NYC: New Week Brings Surge of Heat, Humidity

By , Senior Meteorologist
July 07, 2014; 4:22 AM
Share |
Play video Weather acros the Northeast is detailed in the above video.

The absence of high heat and humidity around New York City will not last into the start of the new week.

As the area of high pressure that kept humidity low through the holiday weekend departs, the door will open for yet another surge of steamy air into New York City for the new week.

Temperatures will return to around the 90-degree mark both Monday and Tuesday. With higher humidity in place, RealFeel® temperatures will soar well into the 90s.

Such heat and humidity will prove challenging and hazardous for those with respiratory issues and those engaging in manual labor.

Winds flowing in off the cooler ocean will keep the temperatures lower along the south shore of Long Island both days.

Otherwise, spotty cooling thunderstorms on Monday will be confined to the suburbs outside of I-287 in the late afternoon and evening hours.

Detailed New York City Forecast
New York Interactive Weather Radar MinuteCast™ for New York City

The thunderstorm chance will expand to more of the Tri-State area Tuesday afternoon and night, potentially causing some interruptions at Citi Field Tuesday evening when the Mets are scheduled to face the Atlanta Braves.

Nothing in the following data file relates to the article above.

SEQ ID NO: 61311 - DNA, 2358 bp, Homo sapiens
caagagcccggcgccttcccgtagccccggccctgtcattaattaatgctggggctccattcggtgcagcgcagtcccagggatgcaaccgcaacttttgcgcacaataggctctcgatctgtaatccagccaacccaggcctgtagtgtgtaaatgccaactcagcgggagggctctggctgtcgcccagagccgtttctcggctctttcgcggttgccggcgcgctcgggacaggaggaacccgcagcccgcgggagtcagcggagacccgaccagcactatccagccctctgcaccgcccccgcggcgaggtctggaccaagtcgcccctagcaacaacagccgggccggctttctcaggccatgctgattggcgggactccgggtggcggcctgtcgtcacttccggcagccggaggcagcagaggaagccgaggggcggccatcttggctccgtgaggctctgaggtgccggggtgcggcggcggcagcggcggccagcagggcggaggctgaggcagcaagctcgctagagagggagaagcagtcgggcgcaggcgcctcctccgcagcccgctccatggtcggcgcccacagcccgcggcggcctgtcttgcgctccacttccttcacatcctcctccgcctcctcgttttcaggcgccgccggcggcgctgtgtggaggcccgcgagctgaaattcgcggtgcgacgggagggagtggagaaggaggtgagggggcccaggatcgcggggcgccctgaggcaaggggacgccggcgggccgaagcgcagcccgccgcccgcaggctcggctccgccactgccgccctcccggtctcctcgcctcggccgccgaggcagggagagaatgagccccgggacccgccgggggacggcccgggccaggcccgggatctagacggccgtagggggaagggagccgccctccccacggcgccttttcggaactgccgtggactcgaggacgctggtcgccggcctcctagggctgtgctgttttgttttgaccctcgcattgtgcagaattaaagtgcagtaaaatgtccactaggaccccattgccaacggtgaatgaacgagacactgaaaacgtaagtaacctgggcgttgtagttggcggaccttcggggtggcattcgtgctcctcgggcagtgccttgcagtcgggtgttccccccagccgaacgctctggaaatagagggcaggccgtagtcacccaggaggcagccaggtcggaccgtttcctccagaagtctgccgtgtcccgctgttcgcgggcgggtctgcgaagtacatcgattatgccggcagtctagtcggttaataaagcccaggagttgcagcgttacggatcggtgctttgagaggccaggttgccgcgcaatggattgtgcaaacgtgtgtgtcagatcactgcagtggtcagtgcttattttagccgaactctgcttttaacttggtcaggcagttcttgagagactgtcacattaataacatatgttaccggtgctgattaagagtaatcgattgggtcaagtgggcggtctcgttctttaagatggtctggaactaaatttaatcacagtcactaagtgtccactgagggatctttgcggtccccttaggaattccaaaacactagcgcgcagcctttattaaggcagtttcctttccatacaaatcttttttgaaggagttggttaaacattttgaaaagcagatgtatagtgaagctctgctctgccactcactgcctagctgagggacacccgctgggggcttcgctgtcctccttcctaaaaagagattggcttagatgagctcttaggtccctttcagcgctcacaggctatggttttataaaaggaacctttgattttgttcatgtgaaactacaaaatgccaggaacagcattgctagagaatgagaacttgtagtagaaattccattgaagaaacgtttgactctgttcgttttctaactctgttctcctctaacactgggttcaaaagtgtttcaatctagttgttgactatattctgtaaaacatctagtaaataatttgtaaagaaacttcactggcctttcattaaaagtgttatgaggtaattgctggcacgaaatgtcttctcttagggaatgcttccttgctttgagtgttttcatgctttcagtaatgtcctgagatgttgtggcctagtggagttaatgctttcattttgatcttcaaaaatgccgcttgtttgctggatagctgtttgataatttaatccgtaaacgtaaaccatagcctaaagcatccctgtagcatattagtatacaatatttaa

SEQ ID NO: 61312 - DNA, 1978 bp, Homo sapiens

Another very warm and humid day will unfold on Wednesday as a slow-moving front interacting with the steamy air triggers another shower or thunderstorm.

How fast that front is to clear the Northeast coast will determine how quick drier air returns later in the week.


Comments left here should adhere to the Community Guidelines. Profanity, personal attacks, and spam will not be tolerated.

More Weather News

  • Oppressive Heat to Build in Chicago

    August 23, 2014; 3:03 PM ET

    While the weekend concludes with a brief break from storms, heat and humidity will continue to build into the new week.


Daily U.S. Extremes

past 24 hours

  Extreme Location
High N/A
Low N/A
Precip N/A


This Day In Weather History

Denver, CO (1921)
2.20 inches of rain in 1 hour.

Chesapeake Bay Area (1933)
Hurricane - 6.39 inches of rain in Washington, D.C. Damage in Maryland close to $17 million. Tide 7 feet above normal flooded Norfolk, VA.

Washington (1970)
Dry thunderstorms ignited more than 100 fires in the Wenatchee and Okanogan National Forests.